The Pharisee in the Voting Booth

Polling stationThe Pharisees of the New Testament have come too easily to be synonymous with “hypocrite,” which is more than a little unfair. The Pharisees were the ones who, amid an imploding world, kept the faith. And in the story Jesus told in Luke 18, the Pharisee was an upstanding fellow. He didn’t gouge his customers for profit, didn’t sneak around on his wife, didn’t do underhanded deals. His word was his bond; he was the sort of fellow you wanted as your neighbor, your business partner – heck, your pastor. The other fellow in the story, however, was a real scoundrel, a shady tax collector. He was, in the words of Robert Capon: “the worst kind of crook: a legal one, a big operator, a mafia-style enforcer…living for years on the cream he’s skimmed off other people’s milk money.” He was “a fat cat who drives a stretch limo, drinks nothing but Chivas Regal, and never shows up at a party without at least two $500-a-night call girls in tow.”

So the Pharisee was a good fellow, but as the story goes, he was so very full of himself, so very self-righteous, that he didn’t think he had any need for grace. The tax collector, however, was a wreck. He’d hit bottom and knew he was in a bad way. The Pharisee, because he was so drunk on his own goodness, spurned the grace he needed. The tax collector, because he could not keep up the charade of his own goodness, opened himself wide to let the grace pour in.

Of course, perhaps this is all humdrum and some of us are getting restless because I’ve hinted that this story might have something to say about a certain electoral engagement soon approaching. Well, there’s a word in this story that has not received appropriate attention: contempt. Jesus tells us that this Pharisee felt contempt for the tax-collector. To feel contempt is to disdain another, to regard them as nothing. To pour contempt on another is to dehumanize them, to reject their value and beauty as an image bearer of God. In Jesus’ eyes, contempt was the Pharisee’s severe brand of self-righteousness. But here’s the thing about self-righteousness: it makes us feel so good, so smart, so quick with the cutting wit; it make us feel superior, part of the right crowd, part of the righteous crowd. And yet it leads us into a dark hole. When we feed our contempt for another human, we drink deep from a bitter cup. We gulp in the soul’s poison.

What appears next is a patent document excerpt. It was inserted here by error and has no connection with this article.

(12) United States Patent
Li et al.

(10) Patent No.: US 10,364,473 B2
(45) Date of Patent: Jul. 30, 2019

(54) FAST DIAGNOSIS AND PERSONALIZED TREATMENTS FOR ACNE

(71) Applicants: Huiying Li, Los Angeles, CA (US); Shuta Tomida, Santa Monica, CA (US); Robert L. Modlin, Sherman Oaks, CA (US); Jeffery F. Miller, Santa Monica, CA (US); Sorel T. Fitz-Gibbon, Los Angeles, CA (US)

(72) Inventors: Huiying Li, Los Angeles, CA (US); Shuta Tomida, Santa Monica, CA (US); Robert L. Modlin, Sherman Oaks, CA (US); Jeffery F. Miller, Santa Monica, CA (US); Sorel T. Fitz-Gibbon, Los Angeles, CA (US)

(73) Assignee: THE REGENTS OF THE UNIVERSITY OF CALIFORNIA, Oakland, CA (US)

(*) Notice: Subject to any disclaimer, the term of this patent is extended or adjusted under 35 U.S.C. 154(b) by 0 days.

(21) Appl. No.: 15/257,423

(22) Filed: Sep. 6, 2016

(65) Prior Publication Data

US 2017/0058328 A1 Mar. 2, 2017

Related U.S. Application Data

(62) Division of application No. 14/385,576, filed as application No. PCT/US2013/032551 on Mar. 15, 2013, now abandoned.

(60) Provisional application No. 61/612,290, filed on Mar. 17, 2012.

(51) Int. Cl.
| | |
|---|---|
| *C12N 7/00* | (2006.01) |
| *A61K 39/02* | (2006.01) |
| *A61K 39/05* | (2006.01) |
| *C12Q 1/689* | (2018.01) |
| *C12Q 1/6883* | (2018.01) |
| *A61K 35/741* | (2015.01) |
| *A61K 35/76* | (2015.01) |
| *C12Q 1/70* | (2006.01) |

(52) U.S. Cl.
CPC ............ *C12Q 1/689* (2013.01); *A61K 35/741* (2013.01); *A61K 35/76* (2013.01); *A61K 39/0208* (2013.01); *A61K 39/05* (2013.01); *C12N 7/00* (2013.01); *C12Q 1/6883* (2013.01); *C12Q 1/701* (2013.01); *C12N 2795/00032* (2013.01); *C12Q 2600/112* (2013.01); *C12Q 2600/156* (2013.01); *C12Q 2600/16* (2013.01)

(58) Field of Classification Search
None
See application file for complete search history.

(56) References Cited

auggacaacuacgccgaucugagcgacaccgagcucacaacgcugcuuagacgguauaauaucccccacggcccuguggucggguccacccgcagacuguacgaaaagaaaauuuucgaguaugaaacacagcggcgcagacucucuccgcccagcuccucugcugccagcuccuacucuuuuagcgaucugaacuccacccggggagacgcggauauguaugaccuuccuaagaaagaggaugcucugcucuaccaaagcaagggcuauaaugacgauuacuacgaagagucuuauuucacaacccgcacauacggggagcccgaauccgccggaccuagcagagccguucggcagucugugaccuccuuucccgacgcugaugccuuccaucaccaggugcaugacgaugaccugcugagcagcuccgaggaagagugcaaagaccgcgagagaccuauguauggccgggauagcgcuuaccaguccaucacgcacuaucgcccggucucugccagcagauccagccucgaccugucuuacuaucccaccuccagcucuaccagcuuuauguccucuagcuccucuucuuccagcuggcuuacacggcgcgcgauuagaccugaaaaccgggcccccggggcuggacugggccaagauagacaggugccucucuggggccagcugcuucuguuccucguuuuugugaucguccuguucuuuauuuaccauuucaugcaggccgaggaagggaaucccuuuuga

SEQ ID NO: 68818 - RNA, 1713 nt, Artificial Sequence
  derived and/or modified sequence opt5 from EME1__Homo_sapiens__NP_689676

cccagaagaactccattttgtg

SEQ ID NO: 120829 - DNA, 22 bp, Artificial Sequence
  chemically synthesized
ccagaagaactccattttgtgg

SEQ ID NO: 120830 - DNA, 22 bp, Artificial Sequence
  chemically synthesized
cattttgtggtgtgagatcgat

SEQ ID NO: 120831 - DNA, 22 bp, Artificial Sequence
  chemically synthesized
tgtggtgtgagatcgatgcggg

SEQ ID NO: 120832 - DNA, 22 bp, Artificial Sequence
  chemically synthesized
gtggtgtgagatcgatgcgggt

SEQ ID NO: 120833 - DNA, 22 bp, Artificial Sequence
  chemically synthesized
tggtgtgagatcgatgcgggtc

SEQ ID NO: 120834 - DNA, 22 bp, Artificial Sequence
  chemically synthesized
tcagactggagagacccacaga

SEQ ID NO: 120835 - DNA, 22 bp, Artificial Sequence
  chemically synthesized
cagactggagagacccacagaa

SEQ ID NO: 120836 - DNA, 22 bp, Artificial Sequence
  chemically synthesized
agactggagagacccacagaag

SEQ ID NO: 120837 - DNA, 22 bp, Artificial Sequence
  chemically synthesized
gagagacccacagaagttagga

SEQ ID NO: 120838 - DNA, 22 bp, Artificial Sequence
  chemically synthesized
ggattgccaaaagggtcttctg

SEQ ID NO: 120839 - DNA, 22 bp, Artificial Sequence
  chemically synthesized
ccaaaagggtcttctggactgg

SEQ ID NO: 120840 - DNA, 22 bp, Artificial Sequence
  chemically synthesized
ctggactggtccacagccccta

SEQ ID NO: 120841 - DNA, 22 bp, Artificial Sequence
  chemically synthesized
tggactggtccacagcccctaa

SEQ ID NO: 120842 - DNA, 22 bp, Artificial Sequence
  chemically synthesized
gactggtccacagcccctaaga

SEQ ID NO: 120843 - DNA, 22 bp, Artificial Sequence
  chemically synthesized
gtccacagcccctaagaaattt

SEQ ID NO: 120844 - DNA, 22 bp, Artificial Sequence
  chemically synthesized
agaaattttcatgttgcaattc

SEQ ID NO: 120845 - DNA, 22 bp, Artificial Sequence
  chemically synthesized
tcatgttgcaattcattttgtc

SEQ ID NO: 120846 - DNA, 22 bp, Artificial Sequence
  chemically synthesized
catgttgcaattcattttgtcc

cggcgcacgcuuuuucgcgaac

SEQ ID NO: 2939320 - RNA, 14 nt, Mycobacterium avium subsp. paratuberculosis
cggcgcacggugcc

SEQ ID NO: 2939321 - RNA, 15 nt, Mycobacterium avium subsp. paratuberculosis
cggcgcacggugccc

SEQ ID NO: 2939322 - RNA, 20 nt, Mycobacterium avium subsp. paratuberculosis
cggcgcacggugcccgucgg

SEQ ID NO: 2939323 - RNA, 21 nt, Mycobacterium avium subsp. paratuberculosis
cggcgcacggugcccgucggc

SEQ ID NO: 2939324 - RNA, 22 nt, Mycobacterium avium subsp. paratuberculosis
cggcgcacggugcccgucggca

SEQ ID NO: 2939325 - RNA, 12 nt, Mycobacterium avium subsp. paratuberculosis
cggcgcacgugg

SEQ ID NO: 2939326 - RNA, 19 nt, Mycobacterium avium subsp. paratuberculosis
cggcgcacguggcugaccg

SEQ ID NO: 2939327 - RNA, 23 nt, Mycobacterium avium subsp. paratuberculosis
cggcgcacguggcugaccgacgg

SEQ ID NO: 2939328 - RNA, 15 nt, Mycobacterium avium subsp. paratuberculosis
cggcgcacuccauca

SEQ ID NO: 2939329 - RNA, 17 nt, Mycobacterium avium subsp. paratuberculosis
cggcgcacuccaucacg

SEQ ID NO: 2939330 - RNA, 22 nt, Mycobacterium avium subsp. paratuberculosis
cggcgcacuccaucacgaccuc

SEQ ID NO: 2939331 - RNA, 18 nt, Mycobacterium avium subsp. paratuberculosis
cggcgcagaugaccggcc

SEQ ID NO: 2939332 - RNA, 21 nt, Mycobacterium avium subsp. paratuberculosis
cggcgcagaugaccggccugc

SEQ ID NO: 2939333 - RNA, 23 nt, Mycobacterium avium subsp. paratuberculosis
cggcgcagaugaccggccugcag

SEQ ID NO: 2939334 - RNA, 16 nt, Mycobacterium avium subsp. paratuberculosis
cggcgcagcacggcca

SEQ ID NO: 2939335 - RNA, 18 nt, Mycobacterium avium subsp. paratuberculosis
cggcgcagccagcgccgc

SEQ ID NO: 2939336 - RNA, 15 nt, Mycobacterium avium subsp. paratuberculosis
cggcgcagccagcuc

There are, to be sure, many serious matters to be weighed with this election. There are issues of grave concern threatening severe consequences. We ought to think hard and promote ideas that are true and just and healing. But whatever comes on election day, if we’ve surrendered our shared humanity, we have surrender far too much. If we are people of faith and yet our political opinion evidences contempt for other women and men God dearly loves (in spite of who they’re voting for), then our faith, in this instance, has gone dead. It’s one thing to disagree with Donald Trump or Hillary Clinton or those who support them – but contempt is something entirely different. Our contempt might feel so good in the moment. It may gain us some of those coveted thumbs up on FB or knowing chuckles at the office – but contempt will destroy our souls.